Mothers need to come back fighting. We need to value ourselves and what we can bring to the workforce.
At Women Returners, we are tackling this waste of female talent, both by supporting individual returners and by working with organisations to create more routes back into corporate roles. But if we're going to succeed in our objective, we also need mothers to remove the limits they are placing on themselves and to come back fighting. We need to value ourselves and what we can bring to the workforce.
To this end, there are a few things I want women hoping to return to work to do:
1. Remember you are still the same talented professional woman you were and you will quickly get back up to speed. You also have a wealth of new skills developed during your break, combined with maturity and a fresh perspective.
2. Don't minimise yourself. You're not "just a mum", you didn't run "just a small business from home" and your previous professional success wasn't down to luck.
3. Know that UK businesses want you back. Companies from Credit Suisse to Thames Tideway Tunnel are launching returnships – paid internships for returning professionals to transition back into senior roles. They see returners as an untapped talent pool which can both fill capability gaps and build diversity.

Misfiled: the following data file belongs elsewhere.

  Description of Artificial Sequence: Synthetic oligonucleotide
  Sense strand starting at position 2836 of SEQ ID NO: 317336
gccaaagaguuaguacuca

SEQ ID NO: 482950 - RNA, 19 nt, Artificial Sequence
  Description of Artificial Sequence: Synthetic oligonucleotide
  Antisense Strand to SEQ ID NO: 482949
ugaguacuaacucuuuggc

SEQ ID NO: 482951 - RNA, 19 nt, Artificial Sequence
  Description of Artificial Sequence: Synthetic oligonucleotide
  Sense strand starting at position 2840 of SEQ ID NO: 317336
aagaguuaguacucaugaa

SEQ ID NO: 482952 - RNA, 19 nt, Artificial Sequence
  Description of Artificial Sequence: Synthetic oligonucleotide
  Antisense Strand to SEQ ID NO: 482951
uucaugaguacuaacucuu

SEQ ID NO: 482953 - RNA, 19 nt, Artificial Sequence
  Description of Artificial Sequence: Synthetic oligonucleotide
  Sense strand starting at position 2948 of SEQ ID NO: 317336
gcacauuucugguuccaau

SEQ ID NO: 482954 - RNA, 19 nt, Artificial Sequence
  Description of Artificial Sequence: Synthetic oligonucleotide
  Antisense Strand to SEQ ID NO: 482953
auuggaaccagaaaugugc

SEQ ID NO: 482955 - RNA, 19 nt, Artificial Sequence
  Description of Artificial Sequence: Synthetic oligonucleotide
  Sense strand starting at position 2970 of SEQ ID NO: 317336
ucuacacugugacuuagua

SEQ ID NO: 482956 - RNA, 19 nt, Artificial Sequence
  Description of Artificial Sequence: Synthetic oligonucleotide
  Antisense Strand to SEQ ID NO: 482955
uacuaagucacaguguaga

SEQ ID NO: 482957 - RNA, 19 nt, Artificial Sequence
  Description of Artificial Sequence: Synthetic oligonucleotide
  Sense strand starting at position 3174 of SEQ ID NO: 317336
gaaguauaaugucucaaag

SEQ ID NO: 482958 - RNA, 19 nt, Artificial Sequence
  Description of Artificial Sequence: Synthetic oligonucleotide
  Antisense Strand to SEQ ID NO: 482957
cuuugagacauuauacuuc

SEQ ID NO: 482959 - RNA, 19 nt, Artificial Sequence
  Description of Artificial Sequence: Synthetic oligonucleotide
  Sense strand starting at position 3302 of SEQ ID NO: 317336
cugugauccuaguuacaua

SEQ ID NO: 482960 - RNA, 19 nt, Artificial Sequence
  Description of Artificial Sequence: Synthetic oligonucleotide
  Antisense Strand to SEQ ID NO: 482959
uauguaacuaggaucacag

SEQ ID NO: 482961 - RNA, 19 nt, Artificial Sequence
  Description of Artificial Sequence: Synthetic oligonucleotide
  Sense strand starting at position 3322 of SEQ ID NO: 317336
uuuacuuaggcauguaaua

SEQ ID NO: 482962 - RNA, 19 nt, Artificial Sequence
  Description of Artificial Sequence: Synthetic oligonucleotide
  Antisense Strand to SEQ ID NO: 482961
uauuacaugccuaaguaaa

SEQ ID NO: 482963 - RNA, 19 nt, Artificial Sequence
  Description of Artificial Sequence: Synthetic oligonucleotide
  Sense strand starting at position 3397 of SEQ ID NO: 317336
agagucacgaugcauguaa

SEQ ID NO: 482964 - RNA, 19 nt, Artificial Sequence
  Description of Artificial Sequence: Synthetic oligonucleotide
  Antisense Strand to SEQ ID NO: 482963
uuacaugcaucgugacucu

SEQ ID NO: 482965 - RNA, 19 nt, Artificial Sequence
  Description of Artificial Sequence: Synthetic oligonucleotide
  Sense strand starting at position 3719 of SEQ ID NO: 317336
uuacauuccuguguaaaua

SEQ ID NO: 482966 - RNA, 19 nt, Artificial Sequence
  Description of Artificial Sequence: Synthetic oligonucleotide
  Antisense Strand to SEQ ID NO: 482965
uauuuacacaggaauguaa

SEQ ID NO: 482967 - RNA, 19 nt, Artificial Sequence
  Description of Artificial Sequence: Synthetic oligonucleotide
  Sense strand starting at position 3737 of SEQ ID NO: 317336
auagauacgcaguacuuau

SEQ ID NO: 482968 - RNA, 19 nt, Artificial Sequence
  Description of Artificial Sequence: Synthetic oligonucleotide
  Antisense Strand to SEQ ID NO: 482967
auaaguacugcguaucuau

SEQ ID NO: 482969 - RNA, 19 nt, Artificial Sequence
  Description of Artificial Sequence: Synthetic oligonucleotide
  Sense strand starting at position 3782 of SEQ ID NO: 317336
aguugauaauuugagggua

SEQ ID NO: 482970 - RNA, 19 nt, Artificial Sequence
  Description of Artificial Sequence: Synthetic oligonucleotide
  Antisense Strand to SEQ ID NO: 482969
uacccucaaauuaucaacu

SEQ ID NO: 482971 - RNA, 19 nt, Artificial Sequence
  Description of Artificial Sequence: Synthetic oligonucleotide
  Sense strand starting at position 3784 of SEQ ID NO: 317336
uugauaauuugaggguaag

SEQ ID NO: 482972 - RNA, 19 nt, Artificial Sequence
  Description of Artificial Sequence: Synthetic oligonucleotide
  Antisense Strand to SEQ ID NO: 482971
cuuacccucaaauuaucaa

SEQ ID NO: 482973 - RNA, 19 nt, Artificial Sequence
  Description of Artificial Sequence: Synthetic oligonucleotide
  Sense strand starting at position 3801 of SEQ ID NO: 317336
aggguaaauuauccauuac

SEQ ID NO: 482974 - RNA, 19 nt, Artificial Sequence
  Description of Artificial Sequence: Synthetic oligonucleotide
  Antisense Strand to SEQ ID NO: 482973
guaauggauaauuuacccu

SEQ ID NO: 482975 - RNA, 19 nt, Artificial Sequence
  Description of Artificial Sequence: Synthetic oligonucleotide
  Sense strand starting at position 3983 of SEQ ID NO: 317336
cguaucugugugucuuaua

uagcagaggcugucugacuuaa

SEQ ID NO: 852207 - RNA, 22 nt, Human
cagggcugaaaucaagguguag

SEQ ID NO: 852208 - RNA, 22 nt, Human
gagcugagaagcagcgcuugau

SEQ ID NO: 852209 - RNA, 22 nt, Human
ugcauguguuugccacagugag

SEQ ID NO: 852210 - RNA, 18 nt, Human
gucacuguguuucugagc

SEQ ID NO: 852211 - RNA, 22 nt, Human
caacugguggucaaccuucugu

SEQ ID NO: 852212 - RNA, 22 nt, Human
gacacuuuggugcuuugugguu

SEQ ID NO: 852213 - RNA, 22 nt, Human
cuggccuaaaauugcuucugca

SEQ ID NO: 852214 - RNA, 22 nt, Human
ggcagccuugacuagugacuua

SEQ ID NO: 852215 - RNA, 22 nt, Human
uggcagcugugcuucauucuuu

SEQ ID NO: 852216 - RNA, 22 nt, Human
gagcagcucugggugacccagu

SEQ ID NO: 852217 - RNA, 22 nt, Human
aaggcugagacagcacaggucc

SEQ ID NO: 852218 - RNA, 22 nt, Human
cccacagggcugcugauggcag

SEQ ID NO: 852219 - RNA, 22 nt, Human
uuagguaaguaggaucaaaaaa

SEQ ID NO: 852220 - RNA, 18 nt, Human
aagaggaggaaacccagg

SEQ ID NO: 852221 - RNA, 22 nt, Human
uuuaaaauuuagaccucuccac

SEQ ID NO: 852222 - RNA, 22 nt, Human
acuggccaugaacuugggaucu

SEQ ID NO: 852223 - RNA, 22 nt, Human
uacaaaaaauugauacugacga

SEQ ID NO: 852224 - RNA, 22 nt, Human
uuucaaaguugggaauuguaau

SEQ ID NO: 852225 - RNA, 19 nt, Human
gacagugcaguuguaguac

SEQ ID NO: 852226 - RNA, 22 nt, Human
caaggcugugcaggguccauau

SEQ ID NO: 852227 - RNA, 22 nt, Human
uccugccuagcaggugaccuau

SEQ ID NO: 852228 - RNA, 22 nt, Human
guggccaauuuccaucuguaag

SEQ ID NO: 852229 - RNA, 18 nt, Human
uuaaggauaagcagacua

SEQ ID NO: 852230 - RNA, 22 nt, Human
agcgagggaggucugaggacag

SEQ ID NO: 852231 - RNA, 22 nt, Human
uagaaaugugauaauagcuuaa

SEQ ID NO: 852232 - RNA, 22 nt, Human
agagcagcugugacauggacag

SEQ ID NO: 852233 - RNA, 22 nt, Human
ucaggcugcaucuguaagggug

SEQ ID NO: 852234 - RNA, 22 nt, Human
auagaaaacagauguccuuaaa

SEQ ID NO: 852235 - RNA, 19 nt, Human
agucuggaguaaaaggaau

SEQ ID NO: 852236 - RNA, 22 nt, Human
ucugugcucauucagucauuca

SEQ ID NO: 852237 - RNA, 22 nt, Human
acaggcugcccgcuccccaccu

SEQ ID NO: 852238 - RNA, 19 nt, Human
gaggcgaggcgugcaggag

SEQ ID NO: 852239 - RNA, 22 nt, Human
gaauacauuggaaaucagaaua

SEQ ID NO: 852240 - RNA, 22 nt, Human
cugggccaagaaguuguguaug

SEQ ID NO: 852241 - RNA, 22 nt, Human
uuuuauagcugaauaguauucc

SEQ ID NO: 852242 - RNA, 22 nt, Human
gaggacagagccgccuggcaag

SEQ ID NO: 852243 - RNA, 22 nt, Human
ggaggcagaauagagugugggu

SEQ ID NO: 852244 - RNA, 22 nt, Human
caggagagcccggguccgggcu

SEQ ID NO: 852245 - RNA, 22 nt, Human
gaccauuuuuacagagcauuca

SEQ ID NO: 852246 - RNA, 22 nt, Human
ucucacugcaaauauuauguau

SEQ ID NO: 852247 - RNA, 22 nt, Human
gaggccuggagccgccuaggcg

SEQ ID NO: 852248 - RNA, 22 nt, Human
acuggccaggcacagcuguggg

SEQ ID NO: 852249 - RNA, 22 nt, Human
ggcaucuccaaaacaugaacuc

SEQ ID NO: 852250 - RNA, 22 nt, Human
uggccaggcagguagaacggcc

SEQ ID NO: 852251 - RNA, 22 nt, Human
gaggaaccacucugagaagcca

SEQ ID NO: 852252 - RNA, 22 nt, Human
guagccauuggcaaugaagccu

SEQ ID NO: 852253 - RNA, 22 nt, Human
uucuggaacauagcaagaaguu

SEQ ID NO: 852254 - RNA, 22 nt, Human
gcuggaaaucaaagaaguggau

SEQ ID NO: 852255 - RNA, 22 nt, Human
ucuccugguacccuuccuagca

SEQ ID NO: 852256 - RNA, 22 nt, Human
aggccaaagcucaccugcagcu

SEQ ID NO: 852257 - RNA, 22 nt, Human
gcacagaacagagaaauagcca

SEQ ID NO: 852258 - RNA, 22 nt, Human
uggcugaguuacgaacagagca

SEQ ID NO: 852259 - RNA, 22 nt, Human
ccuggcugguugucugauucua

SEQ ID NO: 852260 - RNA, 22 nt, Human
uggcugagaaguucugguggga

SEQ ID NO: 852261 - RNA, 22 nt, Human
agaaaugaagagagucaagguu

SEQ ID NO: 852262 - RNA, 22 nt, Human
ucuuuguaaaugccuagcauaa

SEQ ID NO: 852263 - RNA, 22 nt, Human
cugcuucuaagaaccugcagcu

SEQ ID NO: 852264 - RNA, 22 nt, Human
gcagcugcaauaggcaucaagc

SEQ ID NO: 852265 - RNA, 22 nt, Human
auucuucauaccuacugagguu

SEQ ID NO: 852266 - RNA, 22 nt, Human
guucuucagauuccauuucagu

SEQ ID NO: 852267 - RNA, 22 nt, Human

4. Be open-minded about new possibilities. If you don't want to go back to your old career, you are not too old to retrain into a new career or set up your own business and, most importantly, all those years of experience will still count.
5. Don't give up. We're not claiming that getting back into a great job after many years out is easy, but it is possible with determination and persistence, as the many return-to-work success stories on the Women Returners site demonstrate.
Carmen didn't give up and is now back working as an Executive Director in the City through participating in Morgan Stanley's returnship programme. And Jackie is starting to explore other options as well as reconnecting with her ex-colleagues who remember her as an amazing boss, not "just a mum". If you're ready to restart your career, you may have to battle - but it will be well worth the fight.
By Julianne Miles
The goals of the organisation sound really good, and like the idea of returners' programmes.